Just the best picture.
The Finns are like friggin’ acupuncture. The just seem to have this uncanny ability to find exactly where to pressure and when. They’re patient, they’re methodical…they just play within themselves until it’s time to strike, then they come out of their shell. They are, for lack of a more clever way to explain them, infuriating. They turn opponents into Teddy KGB: “Nyet! Nyet! No More! No! Not tonight! This son of b***h, all night he, “Check. Check. Check.” He trap me!”
The most remarkable thing to come from Finland’s 5-0 drubbing of the US squad is the press it’s generated for Bobby Ryan. On the heels of two straight shutouts his name is the most prominent thing in hockey writing after Teemu Selanne. Yes, he should’ve been on the team (same goes for Keith Yandle), but that US team wasn’t exactly a roster decision away from being gold medalists.
That said, the US team is going to be undersold in the wake of the thorough thrashing they took on Saturday, but I don’t think the round-robin games were just flukes. I think that was a legitimately powerful offensive hockey team that was dead focused on one thing: beating Canada. They lost, and the game today was a poor indicator of their true talent. It’s not that they “didn’t try” in Saturday’s game, but after the heartbreaking loss they just couldn’t get up for Finland. They played in autopilot. The Finns were likely disappointed heading into the game too, but the bronze really did seem to mean more to them. Read the rest of this entry »
That was quite possibly the least-close 1-0 game between two great teams that’s ever been played. The zone time was preposterously lopsided, the scoring chances weren’t that close. Carey Price was asked to be great in the first period and was absolutely that for Canada, but in the second and third period he was simply just asked to…be. Canada’s back-pressure through the neutral zone kept the Americans second chance opportunities to just about nil.
Holy line changes, batman. At one point in the third the CBC broadcast mentioned that no Canadian forward had an average shift length above 40 seconds. And as the game progressed, they grew increasinly militant about it. Puck in, off the ice, fresh legs, puck in, off the ice. I’m pretty sure Jeff Carter was on the bench for 25 seconds once after a 17 second shift.
It’s funny watching guys like Rick Nash and Matt Duchene play more humble roles in games like this. On their teams in the NHL they’re looked at as The Guys, the players who need to score or their teams have no chance to win, so it’s hilarious watching them dutifully dump pucks in and change, keep their shifts short, and do the right things. There seemed like about 10 players on Canada/US trying to create (Kessel, Kane, Parise, Crosby, Benn and so on) and the rest of the guys were just trying real hard not to become national punchlines. Read the rest of this entry »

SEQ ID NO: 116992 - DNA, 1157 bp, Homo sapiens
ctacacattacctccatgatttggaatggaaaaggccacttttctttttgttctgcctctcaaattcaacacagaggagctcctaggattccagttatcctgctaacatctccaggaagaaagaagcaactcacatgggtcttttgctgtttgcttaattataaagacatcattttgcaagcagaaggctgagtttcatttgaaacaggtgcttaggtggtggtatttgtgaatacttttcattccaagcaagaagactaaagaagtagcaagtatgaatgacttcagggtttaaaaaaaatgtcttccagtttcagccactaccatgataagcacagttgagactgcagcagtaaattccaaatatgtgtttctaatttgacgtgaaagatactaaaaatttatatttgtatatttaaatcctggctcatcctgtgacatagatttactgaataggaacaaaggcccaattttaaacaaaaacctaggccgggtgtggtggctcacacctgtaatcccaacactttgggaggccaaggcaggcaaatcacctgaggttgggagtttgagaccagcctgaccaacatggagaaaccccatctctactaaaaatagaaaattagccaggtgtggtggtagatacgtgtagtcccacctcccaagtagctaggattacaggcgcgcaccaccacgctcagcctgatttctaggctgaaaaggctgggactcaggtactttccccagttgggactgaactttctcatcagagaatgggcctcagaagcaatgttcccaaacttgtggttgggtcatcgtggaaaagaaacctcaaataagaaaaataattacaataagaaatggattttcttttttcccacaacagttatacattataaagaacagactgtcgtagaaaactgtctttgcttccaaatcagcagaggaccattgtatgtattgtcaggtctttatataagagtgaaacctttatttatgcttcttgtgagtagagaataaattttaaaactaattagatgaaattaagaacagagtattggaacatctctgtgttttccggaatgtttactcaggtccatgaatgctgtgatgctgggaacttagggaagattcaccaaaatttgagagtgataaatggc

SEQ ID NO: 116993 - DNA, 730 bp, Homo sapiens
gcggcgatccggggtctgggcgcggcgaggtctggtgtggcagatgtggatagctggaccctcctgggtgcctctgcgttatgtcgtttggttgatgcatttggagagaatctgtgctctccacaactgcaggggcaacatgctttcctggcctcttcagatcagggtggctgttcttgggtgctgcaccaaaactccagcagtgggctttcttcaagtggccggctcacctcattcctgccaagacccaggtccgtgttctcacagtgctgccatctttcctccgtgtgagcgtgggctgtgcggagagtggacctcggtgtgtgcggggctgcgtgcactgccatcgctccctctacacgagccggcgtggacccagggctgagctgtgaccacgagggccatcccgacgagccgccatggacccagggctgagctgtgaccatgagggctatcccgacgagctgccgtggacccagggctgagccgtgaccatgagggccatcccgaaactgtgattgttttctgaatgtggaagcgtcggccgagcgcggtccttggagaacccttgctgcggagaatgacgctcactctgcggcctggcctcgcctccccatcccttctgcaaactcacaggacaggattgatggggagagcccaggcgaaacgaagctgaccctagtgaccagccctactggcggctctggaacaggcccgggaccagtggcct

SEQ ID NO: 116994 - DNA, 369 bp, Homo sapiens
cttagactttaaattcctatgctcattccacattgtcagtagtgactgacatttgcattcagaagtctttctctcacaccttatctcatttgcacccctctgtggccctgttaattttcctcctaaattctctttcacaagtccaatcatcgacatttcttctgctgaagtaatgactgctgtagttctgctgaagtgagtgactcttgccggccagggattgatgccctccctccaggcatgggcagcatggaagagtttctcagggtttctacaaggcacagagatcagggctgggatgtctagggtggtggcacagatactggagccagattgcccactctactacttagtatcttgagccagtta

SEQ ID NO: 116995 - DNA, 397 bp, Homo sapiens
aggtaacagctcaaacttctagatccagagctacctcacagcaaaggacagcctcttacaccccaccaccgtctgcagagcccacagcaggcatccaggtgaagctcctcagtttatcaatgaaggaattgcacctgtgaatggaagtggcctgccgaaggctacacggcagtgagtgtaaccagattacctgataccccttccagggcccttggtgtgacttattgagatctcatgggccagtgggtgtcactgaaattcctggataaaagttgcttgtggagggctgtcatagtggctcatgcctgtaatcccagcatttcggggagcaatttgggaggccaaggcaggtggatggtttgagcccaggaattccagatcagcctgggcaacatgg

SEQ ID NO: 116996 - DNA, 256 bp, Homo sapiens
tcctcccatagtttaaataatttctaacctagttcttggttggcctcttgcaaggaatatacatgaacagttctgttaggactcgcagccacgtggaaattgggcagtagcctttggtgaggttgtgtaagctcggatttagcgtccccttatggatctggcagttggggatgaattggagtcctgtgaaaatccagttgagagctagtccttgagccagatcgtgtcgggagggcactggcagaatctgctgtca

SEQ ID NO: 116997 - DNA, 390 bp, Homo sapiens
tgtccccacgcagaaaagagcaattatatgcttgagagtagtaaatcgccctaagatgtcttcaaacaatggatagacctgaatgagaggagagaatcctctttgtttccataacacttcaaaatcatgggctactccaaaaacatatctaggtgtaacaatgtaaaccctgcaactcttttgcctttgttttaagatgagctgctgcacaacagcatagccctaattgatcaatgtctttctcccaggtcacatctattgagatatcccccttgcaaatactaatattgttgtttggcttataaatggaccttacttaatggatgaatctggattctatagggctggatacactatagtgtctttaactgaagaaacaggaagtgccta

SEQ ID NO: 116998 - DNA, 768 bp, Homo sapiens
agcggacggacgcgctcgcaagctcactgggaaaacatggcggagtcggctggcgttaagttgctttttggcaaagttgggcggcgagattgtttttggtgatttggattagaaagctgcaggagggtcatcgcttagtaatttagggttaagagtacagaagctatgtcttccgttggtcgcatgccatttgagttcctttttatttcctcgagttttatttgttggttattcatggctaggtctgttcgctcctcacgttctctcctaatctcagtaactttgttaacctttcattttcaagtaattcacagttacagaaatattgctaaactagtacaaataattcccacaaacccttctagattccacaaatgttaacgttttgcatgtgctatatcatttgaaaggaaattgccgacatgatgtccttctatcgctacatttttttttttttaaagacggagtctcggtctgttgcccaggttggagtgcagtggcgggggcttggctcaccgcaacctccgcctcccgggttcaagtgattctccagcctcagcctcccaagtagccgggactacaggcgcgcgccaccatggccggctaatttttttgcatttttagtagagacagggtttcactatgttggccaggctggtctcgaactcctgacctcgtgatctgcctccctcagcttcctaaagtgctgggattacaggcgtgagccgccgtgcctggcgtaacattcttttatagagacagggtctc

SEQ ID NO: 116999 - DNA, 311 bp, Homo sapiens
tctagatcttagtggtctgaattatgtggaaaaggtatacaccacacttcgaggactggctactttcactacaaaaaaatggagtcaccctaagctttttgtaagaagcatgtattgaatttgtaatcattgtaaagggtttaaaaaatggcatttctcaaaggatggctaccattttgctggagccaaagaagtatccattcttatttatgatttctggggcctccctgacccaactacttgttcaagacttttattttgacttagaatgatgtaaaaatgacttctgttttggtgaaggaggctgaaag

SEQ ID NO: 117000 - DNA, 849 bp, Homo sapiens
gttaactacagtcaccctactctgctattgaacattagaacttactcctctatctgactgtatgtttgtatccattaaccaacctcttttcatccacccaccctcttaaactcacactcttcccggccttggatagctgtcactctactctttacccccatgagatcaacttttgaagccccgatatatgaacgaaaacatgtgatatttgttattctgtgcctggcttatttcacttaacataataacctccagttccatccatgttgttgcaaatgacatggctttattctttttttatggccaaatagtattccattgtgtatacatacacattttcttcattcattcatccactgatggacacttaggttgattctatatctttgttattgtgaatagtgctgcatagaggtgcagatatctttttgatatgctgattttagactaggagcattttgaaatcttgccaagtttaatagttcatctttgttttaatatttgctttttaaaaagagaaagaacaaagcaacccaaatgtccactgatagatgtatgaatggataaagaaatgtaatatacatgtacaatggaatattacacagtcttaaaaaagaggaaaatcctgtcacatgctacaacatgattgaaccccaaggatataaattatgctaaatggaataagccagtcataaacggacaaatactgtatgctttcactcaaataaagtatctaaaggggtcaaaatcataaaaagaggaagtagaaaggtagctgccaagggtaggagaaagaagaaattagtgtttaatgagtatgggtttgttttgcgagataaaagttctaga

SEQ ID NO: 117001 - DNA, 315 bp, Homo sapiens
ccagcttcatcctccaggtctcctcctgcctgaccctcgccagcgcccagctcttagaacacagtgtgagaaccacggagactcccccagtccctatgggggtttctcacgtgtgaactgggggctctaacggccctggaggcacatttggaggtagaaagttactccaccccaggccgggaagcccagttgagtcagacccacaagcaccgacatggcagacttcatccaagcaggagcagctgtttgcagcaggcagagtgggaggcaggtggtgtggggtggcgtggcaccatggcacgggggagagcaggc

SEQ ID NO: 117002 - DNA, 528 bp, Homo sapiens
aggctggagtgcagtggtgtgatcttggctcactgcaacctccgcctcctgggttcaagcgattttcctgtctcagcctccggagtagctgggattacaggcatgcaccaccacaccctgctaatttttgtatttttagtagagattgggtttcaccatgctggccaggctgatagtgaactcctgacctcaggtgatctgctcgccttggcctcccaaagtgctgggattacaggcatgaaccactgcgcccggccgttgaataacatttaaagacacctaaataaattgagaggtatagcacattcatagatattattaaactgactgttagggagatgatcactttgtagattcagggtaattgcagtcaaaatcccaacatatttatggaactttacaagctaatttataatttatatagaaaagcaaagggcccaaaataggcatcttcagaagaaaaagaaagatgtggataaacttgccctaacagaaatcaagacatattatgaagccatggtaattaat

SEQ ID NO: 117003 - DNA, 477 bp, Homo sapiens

If Team Canada were to play Team USA in 100 contests, I’m guessing the final total from those games would end up being something like Canada 53, USA 47. They’re as tight as two great teams can be. And at this point, they both respect the heck out of each other, so they’ll be bringing their best on Friday, so I think it’ll be a battle.
Here’s what I think happens:
The Canadians will focus on Kessel/Pavelski/JVR
Phil Kessel, Joe Pavelski and James van Riemsdyk have been the best line in the Olympics outside Bob Costas’ self-deprecating “Eye’m back” comment. They’ve combined for 18 points to date, and they’re the main American threat.
The rest of the team is very good, but they’re “very good” in a North American sense. They work hard, they bang in rebounds….they’re not necessarily open-ice creators.
Canada’s depth should create lopsided possession. Read the rest of this entry »
As always, the notes are chronological (save for the first one), and this isn’t a recap. Here’s what stood out to me during that great game:
Depending on who you root for, that was one of the best/worst games ever played. Congrats to Marie-Philip Poulin on the success.
Tara Watchorn of Team Canada reminds me so much of Chris Pronger I can’t get over it (which is a huge, huge compliment). Players like Pronger (and Zdeno Chara) play in a way that makes people hate competing against them. Opponents would rather change, rather come down the other side of the ice, rather do anything else than engage them…because they’re mean. Which is good. They’re talented too, but they’re mean. They have zero intention of making friends on the ice. Watchorn could care less, and would be zero fun to play because of that. You like having that on your team (as long as they don’t take endless penalties). Read the rest of this entry »